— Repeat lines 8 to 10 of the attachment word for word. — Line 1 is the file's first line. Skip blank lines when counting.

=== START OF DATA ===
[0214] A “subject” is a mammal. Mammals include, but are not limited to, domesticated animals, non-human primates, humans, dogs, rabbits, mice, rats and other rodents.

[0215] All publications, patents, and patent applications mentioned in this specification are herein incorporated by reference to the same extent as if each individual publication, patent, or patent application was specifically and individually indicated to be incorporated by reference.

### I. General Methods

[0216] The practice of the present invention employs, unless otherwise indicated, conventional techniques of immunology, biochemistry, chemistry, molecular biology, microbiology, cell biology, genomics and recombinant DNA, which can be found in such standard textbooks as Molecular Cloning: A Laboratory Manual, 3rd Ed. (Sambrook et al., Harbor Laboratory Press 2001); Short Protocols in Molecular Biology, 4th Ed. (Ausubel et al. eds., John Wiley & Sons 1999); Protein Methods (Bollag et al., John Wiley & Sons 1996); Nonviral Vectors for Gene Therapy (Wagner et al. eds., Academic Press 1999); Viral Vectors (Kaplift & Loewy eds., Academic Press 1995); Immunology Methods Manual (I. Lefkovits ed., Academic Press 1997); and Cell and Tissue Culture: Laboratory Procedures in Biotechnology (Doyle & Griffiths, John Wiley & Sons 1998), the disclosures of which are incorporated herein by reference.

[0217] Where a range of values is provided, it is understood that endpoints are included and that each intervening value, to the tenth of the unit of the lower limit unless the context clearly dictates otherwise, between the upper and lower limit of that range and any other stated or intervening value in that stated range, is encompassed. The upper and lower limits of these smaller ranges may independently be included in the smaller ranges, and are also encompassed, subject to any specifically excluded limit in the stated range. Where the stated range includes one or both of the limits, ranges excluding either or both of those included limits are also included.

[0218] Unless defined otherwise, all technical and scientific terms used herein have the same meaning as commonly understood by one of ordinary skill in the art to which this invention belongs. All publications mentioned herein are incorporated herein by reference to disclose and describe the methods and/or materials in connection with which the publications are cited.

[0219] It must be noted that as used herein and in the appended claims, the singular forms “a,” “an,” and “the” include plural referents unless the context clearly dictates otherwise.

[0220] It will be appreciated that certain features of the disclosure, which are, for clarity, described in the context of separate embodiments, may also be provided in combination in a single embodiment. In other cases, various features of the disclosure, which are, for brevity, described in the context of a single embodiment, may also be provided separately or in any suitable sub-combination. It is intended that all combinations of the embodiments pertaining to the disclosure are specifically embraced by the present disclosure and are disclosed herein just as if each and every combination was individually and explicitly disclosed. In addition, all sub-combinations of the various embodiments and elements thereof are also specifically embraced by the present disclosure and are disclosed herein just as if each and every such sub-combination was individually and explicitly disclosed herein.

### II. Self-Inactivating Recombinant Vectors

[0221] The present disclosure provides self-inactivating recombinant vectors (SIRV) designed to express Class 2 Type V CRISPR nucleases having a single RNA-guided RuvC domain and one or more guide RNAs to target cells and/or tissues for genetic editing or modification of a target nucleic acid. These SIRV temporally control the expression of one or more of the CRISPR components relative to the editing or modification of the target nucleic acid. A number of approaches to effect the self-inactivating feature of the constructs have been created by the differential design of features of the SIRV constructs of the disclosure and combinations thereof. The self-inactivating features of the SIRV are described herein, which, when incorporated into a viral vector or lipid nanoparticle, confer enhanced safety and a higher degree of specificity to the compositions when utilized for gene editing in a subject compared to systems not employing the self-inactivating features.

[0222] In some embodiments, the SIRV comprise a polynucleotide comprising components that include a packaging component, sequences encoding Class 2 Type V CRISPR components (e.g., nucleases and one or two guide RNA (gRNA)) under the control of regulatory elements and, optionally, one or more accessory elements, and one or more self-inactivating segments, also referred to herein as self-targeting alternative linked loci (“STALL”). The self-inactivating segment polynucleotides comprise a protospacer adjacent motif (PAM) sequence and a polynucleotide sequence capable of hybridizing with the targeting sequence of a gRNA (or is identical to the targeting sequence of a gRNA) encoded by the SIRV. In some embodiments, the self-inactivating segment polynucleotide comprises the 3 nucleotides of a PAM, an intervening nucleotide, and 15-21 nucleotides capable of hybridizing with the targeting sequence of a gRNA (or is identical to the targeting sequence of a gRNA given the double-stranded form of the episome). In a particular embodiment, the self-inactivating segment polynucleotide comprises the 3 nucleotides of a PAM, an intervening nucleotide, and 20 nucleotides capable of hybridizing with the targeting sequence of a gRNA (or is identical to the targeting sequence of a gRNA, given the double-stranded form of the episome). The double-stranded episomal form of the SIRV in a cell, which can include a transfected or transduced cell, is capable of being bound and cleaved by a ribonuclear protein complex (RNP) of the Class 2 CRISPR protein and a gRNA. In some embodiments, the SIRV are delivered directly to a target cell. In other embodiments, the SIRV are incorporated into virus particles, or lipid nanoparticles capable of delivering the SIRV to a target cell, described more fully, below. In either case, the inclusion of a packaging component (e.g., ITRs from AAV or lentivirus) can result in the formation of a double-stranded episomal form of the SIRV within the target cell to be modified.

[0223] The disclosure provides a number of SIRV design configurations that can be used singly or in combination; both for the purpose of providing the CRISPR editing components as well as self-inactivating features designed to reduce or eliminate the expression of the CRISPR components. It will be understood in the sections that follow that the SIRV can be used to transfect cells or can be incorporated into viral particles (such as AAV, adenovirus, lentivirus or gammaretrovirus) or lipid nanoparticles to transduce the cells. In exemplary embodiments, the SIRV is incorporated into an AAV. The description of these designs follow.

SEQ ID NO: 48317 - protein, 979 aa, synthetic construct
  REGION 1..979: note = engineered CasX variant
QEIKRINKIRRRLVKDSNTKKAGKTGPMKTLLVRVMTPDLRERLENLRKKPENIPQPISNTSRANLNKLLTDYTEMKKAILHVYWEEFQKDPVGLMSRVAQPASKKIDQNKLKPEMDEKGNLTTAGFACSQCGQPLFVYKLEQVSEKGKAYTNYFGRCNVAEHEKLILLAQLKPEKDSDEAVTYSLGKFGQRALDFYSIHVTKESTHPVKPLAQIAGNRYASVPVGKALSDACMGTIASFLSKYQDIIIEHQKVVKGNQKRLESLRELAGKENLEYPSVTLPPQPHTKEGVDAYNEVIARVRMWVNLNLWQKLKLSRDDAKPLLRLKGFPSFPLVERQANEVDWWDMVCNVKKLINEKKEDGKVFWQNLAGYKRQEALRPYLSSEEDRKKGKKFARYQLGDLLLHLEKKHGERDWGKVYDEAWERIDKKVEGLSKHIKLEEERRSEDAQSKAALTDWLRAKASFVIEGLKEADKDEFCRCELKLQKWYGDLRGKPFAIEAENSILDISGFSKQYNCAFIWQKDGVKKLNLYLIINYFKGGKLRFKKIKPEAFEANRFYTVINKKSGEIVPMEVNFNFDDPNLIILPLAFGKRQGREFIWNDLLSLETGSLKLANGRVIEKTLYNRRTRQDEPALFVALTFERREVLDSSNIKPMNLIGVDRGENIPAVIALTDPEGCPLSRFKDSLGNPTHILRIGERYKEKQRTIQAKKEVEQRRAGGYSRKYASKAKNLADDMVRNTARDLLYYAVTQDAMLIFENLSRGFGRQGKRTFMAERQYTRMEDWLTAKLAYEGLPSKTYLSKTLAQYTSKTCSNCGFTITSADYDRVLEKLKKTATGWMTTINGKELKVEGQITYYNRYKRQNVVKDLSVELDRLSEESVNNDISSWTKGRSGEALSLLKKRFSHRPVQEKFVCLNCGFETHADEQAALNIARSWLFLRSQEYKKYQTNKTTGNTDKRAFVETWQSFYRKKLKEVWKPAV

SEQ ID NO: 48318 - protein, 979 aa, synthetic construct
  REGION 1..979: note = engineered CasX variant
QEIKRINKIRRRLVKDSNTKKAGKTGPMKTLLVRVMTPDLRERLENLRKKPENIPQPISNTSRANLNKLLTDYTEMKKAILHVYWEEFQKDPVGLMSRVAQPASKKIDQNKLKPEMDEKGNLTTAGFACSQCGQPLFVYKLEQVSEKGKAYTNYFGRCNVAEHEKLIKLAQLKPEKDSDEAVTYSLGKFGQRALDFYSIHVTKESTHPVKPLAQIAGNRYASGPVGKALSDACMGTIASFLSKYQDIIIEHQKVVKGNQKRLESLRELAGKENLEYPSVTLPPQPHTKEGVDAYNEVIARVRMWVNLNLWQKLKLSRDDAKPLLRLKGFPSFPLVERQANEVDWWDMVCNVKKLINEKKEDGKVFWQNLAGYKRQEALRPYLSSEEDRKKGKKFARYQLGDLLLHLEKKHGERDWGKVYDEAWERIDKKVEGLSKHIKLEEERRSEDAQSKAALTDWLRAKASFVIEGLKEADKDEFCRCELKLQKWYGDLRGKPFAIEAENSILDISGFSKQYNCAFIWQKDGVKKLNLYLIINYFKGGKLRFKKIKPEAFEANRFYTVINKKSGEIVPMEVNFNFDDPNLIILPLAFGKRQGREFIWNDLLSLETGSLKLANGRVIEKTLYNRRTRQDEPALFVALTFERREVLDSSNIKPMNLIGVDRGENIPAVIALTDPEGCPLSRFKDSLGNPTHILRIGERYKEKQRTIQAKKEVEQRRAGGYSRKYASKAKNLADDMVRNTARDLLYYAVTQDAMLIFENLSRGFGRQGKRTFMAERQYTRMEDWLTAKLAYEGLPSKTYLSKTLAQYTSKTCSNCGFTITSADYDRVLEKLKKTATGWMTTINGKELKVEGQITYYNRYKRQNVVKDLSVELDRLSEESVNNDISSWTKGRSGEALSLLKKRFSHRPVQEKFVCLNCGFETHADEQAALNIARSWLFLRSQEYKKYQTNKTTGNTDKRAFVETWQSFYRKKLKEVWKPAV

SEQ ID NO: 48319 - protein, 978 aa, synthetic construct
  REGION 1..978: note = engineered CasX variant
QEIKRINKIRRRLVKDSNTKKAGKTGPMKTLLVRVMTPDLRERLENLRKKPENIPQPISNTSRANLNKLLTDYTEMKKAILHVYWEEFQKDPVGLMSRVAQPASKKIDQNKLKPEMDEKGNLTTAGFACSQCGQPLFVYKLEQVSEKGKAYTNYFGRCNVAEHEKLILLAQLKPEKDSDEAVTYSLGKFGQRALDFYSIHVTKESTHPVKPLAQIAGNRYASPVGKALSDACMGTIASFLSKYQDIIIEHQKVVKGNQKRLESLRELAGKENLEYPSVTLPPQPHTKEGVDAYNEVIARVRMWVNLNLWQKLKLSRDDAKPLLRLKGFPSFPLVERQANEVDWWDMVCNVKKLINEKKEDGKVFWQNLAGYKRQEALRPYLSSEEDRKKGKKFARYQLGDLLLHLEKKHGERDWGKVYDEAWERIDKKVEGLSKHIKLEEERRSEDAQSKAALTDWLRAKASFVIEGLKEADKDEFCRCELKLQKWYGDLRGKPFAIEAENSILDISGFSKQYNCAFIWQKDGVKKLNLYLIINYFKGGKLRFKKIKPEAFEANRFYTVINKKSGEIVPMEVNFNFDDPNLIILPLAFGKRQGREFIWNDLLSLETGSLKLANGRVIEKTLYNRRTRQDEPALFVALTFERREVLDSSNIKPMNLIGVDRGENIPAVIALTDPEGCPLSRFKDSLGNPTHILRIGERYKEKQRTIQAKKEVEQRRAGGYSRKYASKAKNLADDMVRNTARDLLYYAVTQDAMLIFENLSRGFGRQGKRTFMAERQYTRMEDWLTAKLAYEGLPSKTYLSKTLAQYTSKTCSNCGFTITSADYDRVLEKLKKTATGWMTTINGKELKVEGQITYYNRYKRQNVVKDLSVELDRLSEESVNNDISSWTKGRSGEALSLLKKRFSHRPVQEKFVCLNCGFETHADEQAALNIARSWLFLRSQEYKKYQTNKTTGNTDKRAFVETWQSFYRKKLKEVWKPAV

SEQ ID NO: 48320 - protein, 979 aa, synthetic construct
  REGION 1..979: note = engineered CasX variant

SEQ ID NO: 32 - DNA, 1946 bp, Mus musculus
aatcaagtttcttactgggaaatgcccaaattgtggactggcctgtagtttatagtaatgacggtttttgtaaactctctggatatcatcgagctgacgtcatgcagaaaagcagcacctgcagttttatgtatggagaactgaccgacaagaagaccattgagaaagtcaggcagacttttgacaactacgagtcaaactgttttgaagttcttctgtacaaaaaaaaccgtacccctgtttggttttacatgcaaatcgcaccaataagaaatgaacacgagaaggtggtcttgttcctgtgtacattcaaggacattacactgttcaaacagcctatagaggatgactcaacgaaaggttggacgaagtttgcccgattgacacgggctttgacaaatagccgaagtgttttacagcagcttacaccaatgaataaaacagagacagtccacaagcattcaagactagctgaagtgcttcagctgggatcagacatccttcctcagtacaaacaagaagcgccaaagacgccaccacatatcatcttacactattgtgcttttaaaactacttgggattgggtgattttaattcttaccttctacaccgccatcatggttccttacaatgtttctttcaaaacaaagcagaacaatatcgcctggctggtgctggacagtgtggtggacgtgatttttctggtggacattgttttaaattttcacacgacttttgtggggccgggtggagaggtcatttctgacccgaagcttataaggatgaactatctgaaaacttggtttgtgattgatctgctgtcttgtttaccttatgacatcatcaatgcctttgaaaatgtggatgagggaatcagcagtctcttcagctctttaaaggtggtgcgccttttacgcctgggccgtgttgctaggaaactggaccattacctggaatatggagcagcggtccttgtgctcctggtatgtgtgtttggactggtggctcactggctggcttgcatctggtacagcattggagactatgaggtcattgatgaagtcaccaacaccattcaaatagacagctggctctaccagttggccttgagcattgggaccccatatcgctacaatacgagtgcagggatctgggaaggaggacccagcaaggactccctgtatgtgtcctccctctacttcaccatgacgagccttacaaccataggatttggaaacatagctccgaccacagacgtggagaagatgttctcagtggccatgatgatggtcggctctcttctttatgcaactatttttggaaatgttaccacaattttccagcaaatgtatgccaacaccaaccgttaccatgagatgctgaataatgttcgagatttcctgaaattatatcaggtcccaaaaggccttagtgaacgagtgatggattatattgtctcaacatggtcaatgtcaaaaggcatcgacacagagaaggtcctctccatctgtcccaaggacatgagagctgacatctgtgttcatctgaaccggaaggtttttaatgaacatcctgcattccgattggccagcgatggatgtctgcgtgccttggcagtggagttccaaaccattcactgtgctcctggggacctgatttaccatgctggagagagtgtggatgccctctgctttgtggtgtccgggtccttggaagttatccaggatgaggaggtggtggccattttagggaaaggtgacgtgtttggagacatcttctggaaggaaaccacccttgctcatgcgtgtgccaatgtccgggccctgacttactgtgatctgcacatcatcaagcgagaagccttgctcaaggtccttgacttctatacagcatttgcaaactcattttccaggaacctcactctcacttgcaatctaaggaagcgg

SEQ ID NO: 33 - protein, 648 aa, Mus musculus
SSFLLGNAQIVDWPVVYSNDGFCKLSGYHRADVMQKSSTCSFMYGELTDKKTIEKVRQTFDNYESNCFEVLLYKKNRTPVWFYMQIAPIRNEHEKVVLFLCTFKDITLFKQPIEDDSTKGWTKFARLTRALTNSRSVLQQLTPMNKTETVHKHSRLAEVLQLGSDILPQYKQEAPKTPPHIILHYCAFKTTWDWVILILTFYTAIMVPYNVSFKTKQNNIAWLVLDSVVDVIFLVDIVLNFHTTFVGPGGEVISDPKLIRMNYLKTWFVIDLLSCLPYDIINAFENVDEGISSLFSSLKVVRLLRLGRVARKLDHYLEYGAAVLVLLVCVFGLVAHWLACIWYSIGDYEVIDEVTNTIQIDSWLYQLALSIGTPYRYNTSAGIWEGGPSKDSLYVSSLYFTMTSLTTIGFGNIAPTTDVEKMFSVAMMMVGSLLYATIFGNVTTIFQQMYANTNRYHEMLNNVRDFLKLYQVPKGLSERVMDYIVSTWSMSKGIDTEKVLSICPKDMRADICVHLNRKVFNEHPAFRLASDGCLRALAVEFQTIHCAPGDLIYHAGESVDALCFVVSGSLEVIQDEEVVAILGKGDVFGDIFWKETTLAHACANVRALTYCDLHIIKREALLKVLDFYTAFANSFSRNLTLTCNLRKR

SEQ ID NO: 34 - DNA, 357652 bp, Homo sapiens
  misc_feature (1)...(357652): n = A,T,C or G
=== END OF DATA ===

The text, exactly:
[0220] It will be appreciated that certain features of the disclosure, which are, for clarity, described in the context of separate embodiments, may also be provided in combination in a single embodiment. In other cases, various features of the disclosure, which are, for brevity, described in the context of a single embodiment, may also be provided separately or in any suitable sub-combination. It is intended that all combinations of the embodiments pertaining to the disclosure are specifically embraced by the present disclosure and are disclosed herein just as if each and every combination was individually and explicitly disclosed. In addition, all sub-combinations of the various embodiments and elements thereof are also specifically embraced by the present disclosure and are disclosed herein just as if each and every such sub-combination was individually and explicitly disclosed herein.

### II. Self-Inactivating Recombinant Vectors

[0221] The present disclosure provides self-inactivating recombinant vectors (SIRV) designed to express Class 2 Type V CRISPR nucleases having a single RNA-guided RuvC domain and one or more guide RNAs to target cells and/or tissues for genetic editing or modification of a target nucleic acid. These SIRV temporally control the expression of one or more of the CRISPR components relative to the editing or modification of the target nucleic acid. A number of approaches to effect the self-inactivating feature of the constructs have been created by the differential design of features of the SIRV constructs of the disclosure and combinations thereof. The self-inactivating features of the SIRV are described herein, which, when incorporated into a viral vector or lipid nanoparticle, confer enhanced safety and a higher degree of specificity to the compositions when utilized for gene editing in a subject compared to systems not employing the self-inactivating features.